Toyota Continues to Push Hydrogen Fuel Cell Technology Despite Challenges
Toyota, the Japanese automaker, has not been deterred by the lack of success of its hydrogen fuel cell Mirai in terms of sales. In fact, the company is planning to accelerate the adoption of hydrogen fuel cell (FCEV) technology. In its latest sales and production report, Toyota has shown year-on-year growth in both performance results globally. The total sales of electrified vehicles, both inside and outside Japan, have increased significantly. This positive trend is observed across various regions, including North America, Europe, Asia, China, and others. The sales performance of Toyota’s FCEVs has also been positive, except in its home country.
Hydrogen fuel cell EVs use an electric motor, similar to battery EVs, but they source power from a fuel stack where hydrogen is stored. The worldwide sales for FCEVs have increased for September, the last nine months, and the last six months by 166%, 22%, and 77% respectively. These remarkable results are mainly attributed to the carmaker’s sales outside Japan, with a whopping 289% increase for September. Looking at the yearly achievements, FCEV sales peaked in 2021, and the company expects this trend to continue in 2023.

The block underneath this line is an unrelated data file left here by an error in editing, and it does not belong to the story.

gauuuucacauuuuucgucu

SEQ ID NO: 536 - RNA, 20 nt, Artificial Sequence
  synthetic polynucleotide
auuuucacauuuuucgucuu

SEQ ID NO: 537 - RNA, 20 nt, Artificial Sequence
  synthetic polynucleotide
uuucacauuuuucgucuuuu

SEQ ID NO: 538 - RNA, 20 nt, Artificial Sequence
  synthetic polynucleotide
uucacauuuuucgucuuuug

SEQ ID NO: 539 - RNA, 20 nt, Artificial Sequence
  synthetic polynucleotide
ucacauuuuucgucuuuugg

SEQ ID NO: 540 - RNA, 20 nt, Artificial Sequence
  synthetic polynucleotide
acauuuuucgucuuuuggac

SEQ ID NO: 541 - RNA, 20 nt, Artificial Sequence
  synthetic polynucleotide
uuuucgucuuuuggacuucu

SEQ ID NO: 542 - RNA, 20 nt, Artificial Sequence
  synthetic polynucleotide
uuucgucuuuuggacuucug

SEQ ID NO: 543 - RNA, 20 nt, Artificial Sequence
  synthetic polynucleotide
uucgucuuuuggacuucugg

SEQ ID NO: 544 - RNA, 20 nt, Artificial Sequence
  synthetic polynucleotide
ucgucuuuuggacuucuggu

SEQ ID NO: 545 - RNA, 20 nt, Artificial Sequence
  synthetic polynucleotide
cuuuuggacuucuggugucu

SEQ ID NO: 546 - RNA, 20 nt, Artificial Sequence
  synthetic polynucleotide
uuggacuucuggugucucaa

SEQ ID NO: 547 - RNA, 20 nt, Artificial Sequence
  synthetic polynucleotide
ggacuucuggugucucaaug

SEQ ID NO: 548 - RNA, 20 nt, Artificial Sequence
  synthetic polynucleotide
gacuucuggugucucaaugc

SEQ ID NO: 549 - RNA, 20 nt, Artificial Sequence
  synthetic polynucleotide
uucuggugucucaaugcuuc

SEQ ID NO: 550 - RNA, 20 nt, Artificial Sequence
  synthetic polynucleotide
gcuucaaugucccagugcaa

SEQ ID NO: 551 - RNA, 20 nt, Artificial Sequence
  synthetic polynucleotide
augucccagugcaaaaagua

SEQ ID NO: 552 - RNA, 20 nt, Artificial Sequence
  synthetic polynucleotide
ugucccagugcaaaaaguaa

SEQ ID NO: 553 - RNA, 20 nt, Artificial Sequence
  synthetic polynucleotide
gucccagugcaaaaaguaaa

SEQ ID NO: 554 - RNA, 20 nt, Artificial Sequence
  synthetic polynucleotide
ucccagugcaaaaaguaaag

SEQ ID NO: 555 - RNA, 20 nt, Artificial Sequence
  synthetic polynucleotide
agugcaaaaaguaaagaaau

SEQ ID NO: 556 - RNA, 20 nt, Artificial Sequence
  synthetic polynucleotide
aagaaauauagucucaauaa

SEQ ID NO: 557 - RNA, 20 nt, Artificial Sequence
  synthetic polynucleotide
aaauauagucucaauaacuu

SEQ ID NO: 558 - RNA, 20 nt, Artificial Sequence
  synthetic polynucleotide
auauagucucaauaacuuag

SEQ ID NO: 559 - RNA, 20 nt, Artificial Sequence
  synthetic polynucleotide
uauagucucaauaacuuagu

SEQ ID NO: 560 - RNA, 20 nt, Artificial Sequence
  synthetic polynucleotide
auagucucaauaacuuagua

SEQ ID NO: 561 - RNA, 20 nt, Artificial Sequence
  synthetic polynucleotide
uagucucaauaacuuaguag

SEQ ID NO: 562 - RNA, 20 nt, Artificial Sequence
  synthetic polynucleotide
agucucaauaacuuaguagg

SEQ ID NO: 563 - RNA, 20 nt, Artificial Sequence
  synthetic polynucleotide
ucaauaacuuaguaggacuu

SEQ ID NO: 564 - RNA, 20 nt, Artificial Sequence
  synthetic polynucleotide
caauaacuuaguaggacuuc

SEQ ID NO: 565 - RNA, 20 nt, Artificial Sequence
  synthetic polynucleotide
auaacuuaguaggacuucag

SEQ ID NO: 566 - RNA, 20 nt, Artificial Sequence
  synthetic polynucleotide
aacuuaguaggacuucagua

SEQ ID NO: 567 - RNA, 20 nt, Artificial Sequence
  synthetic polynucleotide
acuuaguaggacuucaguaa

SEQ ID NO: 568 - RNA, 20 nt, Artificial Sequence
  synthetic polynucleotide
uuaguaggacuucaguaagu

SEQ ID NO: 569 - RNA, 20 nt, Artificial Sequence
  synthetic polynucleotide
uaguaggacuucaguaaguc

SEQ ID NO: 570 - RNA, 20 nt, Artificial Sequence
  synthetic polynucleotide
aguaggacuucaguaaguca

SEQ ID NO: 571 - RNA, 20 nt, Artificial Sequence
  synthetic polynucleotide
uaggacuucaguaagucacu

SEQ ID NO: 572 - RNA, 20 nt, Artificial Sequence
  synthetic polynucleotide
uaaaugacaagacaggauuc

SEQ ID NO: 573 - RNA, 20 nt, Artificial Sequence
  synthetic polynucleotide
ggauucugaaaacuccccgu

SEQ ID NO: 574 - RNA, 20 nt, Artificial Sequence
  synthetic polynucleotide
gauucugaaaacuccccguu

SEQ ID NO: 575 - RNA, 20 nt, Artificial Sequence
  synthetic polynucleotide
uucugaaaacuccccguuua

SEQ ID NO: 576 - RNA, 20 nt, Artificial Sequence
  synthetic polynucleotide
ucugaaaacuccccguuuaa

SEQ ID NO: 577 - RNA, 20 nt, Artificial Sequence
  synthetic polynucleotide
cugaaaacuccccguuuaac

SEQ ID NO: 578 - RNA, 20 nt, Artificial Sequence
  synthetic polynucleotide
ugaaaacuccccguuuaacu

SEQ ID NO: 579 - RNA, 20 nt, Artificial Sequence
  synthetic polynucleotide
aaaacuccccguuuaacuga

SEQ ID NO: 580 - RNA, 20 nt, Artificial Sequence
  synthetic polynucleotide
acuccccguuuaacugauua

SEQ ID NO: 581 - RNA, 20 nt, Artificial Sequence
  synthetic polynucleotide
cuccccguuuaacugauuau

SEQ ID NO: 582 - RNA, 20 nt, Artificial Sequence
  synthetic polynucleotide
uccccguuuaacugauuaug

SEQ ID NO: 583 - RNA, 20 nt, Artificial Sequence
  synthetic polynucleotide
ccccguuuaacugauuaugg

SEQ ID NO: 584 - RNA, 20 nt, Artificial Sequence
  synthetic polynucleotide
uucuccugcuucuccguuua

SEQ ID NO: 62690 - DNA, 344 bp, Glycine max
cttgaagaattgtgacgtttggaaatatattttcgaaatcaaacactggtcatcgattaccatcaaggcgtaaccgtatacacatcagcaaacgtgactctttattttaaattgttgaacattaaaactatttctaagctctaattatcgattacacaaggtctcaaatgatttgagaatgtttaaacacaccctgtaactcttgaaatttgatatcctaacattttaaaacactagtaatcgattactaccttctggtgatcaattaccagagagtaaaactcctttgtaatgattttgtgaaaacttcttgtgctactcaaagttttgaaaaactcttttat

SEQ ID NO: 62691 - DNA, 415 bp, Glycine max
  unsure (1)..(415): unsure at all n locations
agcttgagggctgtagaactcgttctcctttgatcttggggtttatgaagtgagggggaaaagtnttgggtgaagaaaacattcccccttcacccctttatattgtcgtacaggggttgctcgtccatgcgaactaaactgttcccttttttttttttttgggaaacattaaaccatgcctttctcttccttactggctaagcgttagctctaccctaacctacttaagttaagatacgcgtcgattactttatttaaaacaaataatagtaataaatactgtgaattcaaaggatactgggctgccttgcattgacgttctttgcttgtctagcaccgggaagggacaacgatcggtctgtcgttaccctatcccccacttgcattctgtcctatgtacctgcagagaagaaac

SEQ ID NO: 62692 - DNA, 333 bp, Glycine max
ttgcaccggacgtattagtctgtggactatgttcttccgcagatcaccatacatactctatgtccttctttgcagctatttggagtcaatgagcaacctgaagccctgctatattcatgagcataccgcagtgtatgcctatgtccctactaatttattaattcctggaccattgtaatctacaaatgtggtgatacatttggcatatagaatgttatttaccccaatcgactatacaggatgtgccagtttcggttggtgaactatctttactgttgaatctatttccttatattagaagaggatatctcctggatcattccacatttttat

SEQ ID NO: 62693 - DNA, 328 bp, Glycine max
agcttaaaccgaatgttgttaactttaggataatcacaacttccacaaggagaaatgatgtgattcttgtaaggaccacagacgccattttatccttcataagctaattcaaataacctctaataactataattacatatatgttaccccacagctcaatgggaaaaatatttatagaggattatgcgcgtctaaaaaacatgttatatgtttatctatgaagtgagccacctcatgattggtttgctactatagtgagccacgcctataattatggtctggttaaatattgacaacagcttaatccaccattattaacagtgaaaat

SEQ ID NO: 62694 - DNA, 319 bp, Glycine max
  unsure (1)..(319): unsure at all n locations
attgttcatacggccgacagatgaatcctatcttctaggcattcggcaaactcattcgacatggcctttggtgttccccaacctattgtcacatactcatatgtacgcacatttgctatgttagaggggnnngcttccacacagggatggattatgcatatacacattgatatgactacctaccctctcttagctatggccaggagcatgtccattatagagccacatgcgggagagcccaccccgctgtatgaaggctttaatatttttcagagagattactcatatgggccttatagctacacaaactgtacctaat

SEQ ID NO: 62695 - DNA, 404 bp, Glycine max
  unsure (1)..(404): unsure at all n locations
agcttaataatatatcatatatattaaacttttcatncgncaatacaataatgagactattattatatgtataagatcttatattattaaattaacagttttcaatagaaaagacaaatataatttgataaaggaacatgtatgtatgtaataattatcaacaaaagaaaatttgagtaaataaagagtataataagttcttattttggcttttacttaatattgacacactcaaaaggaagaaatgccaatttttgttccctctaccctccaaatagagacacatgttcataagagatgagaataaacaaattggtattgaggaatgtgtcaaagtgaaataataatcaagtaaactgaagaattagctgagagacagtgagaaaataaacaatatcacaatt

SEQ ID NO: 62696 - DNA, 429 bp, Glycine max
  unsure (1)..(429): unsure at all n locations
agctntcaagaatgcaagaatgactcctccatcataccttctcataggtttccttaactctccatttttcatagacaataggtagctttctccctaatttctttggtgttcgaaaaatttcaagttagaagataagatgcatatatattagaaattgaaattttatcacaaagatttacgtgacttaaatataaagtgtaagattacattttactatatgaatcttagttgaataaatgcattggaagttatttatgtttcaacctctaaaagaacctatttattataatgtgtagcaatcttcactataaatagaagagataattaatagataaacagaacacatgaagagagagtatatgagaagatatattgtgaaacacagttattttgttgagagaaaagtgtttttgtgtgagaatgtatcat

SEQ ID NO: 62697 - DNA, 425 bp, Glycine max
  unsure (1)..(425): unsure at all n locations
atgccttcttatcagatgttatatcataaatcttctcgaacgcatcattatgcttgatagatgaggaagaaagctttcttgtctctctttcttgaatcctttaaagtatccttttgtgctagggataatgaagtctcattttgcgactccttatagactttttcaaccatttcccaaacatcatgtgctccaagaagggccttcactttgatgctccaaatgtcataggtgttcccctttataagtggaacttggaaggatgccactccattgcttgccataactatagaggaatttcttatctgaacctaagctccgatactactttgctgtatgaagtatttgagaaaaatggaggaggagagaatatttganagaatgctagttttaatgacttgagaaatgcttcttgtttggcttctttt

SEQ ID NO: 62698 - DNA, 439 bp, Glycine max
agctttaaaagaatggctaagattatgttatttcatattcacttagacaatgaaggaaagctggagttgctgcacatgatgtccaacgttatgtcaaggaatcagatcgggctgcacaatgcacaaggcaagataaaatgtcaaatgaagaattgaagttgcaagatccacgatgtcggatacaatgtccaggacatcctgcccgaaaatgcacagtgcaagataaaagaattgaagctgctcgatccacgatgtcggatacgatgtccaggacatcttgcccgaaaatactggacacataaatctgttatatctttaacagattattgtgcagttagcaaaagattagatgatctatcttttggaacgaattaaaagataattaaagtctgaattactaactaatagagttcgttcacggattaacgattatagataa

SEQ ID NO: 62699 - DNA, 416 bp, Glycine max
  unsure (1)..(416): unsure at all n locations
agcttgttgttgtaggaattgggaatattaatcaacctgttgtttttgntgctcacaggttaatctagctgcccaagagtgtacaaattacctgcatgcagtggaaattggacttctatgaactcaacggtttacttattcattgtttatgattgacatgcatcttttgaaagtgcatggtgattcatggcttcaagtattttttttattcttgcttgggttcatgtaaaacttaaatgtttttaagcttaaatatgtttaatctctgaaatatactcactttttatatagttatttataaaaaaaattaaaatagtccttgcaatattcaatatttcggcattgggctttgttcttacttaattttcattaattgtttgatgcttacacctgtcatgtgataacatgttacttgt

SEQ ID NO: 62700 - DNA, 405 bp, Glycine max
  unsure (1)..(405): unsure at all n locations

Despite the relatively low sales of hydrogen vehicles, Toyota remains committed to investing in and developing its hydrogen fuel cell technology. In October, Toyota partnered with Isuzu to mass-produce a light hydrogen fuel cell truck. The truck will be based on Isuzu’s light-duty truck platform and powered by Toyota’s hydrogen fuel cell system. Toyota’s FCEV technology faces competition from other automakers such as Hyundai, Honda, Nissan, and Daimler. However, Toyota made headlines when it announced plans to roll out 200,000 hydrogen-powered vehicles, targeting Europe and China. This strategic shift in focus aligns with Toyota’s goal of reducing carbon emissions and achieving net zero emissions by 2050.
Toyota aims to achieve zero carbon emissions in three areas: lifecycle, new vehicles, and production at plants. The company plans to reduce greenhouse gas (GHG) emissions by 30% throughout a vehicle’s life cycle by 2030 compared to 2019 levels. Additionally, Toyota aims to achieve carbon neutrality for average emissions from new vehicles by 2050. To reach this goal, the company has set near-term targets for GHG emissions reduction from new vehicles by 2030 and 2035. Finally, Toyota plans to achieve zero CO2 emissions from production at plants by midcentury. The company will employ various strategies, including the purchase of carbon credits from other companies, to tackle the environmental challenges at its factories.
Despite the challenges faced in its home country, Toyota’s global sales growth for FCEVs showcases its commitment to advancing hydrogen fuel cell technology. The company’s focus on reducing planet-warming emissions and achieving net zero targets remains unwavering. Toyota’s pursuit of hydrogen fuel cell technology continues to drive its success in the global market.